Ukraine: US intelligence says Moscow 'does not want' direct conflict
Russia "does not want a direct conflict" with the United States, even if it will "continue destabilization efforts against Ukraine," the US intelligence community said Tuesday in its annual report on global threats.
Moscow "will continue to employ a variety of tactics this year" aimed at undermining the United States and dividing Western alliances, the report by the director of national intelligence said, as tensions with Russia grow over Ukraine.
"In the former Soviet Union, Moscow is well positioned to increase its role in the Caucasus, intervene in Belarus if it deems necessary, and continue destabilization efforts against Ukraine while settlement talks remain stalled and low-level fighting continues," it continued.
"We expect Moscow to seek opportunities for pragmatic cooperation with Washington on its own terms, and we assess that Russia does not want a direct conflict with US forces," the 27-page report added, however.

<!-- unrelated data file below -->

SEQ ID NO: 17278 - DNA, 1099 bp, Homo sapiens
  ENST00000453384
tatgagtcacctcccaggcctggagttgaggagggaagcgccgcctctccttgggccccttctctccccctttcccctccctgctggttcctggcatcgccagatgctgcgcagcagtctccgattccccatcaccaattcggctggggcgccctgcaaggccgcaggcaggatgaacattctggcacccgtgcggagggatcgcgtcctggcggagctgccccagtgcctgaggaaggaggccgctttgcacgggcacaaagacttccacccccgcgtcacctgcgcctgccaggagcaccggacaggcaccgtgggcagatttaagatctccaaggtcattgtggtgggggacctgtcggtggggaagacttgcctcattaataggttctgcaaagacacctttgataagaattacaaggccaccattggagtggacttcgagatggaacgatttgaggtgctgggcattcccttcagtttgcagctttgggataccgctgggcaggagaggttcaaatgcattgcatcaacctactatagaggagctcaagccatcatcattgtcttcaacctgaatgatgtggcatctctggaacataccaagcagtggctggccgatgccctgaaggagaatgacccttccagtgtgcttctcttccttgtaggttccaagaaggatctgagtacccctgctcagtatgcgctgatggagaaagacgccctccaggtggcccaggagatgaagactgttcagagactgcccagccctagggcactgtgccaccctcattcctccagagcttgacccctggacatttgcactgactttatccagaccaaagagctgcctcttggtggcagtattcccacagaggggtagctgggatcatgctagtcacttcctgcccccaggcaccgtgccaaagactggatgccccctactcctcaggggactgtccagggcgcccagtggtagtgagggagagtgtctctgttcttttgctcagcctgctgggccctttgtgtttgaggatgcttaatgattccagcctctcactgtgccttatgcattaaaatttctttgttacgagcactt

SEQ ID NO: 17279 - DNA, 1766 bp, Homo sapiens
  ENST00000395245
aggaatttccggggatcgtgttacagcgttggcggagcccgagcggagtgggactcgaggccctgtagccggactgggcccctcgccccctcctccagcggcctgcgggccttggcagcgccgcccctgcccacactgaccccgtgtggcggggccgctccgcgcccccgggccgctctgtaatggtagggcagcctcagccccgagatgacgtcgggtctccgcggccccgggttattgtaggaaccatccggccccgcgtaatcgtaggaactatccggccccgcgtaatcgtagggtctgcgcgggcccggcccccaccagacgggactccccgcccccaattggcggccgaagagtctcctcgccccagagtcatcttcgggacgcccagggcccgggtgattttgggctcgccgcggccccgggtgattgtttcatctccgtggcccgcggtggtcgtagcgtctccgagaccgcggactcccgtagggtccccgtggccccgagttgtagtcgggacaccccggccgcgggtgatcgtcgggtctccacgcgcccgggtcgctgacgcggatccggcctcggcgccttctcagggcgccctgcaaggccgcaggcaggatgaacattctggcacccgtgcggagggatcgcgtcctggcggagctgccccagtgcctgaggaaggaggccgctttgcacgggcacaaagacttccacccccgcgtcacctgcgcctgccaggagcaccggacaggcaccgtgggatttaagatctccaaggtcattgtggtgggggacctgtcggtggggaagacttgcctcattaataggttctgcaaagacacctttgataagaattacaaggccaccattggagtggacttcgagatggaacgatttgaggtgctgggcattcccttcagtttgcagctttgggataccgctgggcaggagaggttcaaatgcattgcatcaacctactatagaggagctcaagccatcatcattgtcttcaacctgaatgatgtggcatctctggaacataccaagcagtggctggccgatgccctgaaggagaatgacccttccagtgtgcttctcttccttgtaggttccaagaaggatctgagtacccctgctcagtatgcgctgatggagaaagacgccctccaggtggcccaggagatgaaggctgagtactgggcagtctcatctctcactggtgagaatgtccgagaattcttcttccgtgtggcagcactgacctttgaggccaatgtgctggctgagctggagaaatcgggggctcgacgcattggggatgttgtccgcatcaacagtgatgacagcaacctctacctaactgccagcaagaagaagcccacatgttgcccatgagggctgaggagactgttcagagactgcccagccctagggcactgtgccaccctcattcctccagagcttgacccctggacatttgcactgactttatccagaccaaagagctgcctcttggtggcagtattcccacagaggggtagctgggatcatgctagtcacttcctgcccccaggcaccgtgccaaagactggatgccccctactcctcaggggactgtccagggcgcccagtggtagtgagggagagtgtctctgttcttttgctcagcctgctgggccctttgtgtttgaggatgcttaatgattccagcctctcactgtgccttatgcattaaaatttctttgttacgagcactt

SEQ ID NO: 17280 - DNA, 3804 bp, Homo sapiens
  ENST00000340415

The report came as US President Joe Biden on Tuesday urged Russian counterpart Vladimir Putin to ease mounting tensions with Ukraine and proposed a summit between the two leaders in a third country.
Tensions have soared in recent days over Russian movements at the Ukrainian border, with the United States saying that troop levels are at their highest since 2014 when war first broke out with Moscow-backed separatists.
The report also warned that the embattled Afghan government "will struggle" to hold off the "confident" Taliban if a US-led international coalition withdraws this year as planned.
"We assess that prospects for a peace deal will remain low during the next year. The Taliban is likely to make gains on the battlefield, and the Afghan Government will struggle to hold the Taliban at bay if the coalition withdraws support," the report said.